A violation would be a felony punishable by imprisonment for not more than four years and/or a fine of not more than $5,000.  A person could be charged with, convicted or, or sentenced for any other violation of law committed by the person while violating proposed Section 7340c.  The court would have to report a conviction under proposed Section 7340c to NADDI for entry into NPLEx.

The bill would also prohibit a retailer from dispensing any product containing ephedrine or pseudoephedrine to a person listed in NPLEx as having violated proposed Section 7340c, regardless of whether the person has a prescription for that product.  (Note:  technically, a retailer who makes such a sale would be in violation of this Section 7340c, but it is not clear if the retailer would be subject to the penalty provided for a violation.)

"Ephedrine" would include the salts and isomers and salts of isomers of ephedrine.  "Pseudoephedrine" would include the salts and isomers and salts of isomers of pseudoephedrine.

The bill is tie-barred to House Bill 5088.

House Bill 5090 would amend the Code of Criminal Procedure (MCL 777.13m) to specify that purchasing or obtaining ephedrine or pseudoephedrine for combining to manufacture methamphetamine would be a Class F felony involving a controlled substance punishable by a four-year maximum term of imprisonment.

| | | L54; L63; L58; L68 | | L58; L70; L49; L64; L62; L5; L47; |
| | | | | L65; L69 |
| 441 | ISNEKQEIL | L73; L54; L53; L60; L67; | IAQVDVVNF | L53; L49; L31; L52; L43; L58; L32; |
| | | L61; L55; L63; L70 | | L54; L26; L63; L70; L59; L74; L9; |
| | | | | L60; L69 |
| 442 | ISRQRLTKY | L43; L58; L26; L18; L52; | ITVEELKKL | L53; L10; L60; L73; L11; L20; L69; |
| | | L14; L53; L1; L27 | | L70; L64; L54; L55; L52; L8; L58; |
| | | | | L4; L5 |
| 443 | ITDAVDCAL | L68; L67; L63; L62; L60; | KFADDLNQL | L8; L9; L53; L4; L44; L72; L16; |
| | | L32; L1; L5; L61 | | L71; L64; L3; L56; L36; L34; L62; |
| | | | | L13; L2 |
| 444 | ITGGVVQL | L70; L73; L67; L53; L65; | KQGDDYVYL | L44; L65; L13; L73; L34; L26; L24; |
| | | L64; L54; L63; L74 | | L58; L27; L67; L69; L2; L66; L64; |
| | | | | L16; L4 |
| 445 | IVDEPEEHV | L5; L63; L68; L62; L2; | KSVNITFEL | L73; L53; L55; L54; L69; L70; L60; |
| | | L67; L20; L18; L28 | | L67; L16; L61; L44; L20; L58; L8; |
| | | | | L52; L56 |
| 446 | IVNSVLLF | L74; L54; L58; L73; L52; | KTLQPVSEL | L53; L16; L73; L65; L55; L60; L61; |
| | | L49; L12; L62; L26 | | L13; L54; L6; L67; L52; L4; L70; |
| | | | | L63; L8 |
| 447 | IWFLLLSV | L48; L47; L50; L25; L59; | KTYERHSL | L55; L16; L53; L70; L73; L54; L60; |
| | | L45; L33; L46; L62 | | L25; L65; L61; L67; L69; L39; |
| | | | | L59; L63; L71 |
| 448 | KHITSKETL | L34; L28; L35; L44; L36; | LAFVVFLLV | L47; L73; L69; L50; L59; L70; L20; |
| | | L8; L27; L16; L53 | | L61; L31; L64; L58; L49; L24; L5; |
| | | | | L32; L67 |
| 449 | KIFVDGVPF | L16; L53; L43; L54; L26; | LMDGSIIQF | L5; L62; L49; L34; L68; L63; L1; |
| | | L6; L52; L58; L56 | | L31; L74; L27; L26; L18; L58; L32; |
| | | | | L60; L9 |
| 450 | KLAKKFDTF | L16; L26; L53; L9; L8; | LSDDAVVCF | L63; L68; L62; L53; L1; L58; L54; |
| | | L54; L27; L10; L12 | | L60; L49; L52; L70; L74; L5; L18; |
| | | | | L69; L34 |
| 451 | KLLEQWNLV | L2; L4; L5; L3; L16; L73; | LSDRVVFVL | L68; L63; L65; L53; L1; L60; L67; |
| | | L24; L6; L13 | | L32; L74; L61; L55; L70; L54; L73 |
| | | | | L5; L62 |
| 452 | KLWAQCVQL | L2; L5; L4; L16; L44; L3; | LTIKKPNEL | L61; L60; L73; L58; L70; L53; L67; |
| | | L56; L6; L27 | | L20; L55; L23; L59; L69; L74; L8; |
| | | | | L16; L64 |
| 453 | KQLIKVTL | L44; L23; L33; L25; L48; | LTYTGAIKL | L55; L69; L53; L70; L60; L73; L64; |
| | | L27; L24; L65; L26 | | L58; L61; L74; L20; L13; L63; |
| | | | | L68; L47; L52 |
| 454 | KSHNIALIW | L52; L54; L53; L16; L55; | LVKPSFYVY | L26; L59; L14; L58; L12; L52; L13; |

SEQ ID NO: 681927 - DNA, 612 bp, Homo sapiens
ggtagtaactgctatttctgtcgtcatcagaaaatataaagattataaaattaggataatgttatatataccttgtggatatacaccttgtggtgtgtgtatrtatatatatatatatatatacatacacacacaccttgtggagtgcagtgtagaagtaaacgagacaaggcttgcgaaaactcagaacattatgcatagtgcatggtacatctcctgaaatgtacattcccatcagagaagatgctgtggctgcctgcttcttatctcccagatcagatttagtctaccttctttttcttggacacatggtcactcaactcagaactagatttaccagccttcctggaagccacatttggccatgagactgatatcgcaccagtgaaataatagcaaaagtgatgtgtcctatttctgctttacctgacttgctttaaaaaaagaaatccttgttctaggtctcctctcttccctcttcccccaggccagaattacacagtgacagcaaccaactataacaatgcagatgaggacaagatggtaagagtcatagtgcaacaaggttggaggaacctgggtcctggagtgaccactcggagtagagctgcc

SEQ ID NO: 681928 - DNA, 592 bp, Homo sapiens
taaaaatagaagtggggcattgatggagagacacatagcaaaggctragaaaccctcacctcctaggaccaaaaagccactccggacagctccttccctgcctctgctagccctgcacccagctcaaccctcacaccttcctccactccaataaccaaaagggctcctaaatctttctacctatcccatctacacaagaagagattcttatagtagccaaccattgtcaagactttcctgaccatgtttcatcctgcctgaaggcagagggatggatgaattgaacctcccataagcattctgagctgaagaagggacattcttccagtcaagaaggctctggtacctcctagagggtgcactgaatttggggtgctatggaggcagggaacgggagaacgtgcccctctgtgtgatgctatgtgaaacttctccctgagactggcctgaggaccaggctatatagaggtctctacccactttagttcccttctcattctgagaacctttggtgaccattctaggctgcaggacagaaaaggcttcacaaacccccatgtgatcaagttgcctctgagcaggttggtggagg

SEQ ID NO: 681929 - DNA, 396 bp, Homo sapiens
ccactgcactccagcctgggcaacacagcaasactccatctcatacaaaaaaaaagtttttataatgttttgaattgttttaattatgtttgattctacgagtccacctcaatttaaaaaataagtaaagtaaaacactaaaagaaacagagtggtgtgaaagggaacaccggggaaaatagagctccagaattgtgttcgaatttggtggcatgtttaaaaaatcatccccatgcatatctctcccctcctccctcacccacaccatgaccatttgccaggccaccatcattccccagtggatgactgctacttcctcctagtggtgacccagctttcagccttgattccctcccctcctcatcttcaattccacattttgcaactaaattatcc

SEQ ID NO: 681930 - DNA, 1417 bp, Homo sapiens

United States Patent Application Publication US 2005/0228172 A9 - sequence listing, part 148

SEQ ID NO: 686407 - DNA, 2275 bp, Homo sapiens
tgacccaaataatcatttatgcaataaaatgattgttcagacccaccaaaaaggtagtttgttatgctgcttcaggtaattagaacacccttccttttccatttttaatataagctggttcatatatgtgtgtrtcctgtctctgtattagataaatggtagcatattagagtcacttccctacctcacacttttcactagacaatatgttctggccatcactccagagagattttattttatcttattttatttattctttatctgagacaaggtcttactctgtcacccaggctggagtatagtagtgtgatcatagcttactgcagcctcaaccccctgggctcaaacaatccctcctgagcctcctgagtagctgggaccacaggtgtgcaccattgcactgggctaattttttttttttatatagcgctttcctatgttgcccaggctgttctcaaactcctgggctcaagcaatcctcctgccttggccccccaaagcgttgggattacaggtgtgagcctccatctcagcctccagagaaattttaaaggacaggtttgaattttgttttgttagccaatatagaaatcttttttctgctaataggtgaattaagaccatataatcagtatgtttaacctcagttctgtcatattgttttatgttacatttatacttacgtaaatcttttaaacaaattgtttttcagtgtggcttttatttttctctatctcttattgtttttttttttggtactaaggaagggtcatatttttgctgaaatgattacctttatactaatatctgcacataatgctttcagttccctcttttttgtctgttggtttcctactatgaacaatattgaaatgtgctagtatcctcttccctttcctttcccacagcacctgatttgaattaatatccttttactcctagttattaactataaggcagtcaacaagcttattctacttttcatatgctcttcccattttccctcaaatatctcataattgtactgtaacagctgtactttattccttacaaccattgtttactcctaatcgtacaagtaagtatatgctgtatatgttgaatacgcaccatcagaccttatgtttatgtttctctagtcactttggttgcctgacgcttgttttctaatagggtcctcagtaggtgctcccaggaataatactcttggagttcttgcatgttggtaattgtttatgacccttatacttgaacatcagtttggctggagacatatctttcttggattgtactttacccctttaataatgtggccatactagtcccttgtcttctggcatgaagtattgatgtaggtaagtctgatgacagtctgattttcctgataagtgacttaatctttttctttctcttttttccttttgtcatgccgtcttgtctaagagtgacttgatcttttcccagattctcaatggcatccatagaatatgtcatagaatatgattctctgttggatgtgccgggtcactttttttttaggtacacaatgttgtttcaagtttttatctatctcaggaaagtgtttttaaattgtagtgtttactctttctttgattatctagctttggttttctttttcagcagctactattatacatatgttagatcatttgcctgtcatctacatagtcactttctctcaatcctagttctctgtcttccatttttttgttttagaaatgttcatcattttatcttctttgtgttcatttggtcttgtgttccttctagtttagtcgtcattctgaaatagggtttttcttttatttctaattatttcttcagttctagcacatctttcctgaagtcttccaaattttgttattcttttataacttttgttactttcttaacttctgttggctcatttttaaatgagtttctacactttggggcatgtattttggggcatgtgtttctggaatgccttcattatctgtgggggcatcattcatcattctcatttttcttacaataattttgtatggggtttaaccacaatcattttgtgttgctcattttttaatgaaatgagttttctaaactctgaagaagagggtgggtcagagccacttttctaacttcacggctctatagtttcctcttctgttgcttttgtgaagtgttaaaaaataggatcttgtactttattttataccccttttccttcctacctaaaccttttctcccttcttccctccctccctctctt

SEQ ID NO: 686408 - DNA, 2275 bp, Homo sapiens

The bill is tie-barred to House Bill 5089.

 

FISCAL IMPACT:

House Bill 5088 would result in a minimal fiscal impact on the Department of State Police.  To comply with the provisions of the bill, MSP would have to selectively assemble the required criminal history records (CHR) information and "push" that information to the NPLEX system on a daily basis.  (NPLEX would not "pull" CHR data from MSP, nor would it be able to review the entire breadth of available CHR information about a purchaser.)  This would require some programmatic changes to MSP’s CHRI databases and applications.  The cost of these programmatic changes would be minimal and could be supported by the existing appropriations available to the department. 

House Bills 5089 and 5090 would have an indeterminate fiscal impact on the state's correctional system.  Information is not available on the number of persons that might be convicted under the provisions of the bill.  New felony convictions could result in increased costs related to state prisons and state probation supervision.  The average cost of prison incarceration in a state facility is roughly $35,600 per prisoner per year, a figure that includes various fixed administrative and operational costs.  State costs for parole and felony probation supervision average about $3,600 per supervised offender per year.  Any increase in penal fine revenues would increase funding for local libraries, which are the constitutionally-designated recipients of those revenues.

                                                                                           Legislative Analyst:   Susan Stutzky

                                                                                                  Fiscal Analyst:   Mark Wolf

                                                                                                                           Robin Risko

This analysis was prepared by nonpartisan House staff for use by House members in their deliberations, and does not constitute an official statement of legislative intent.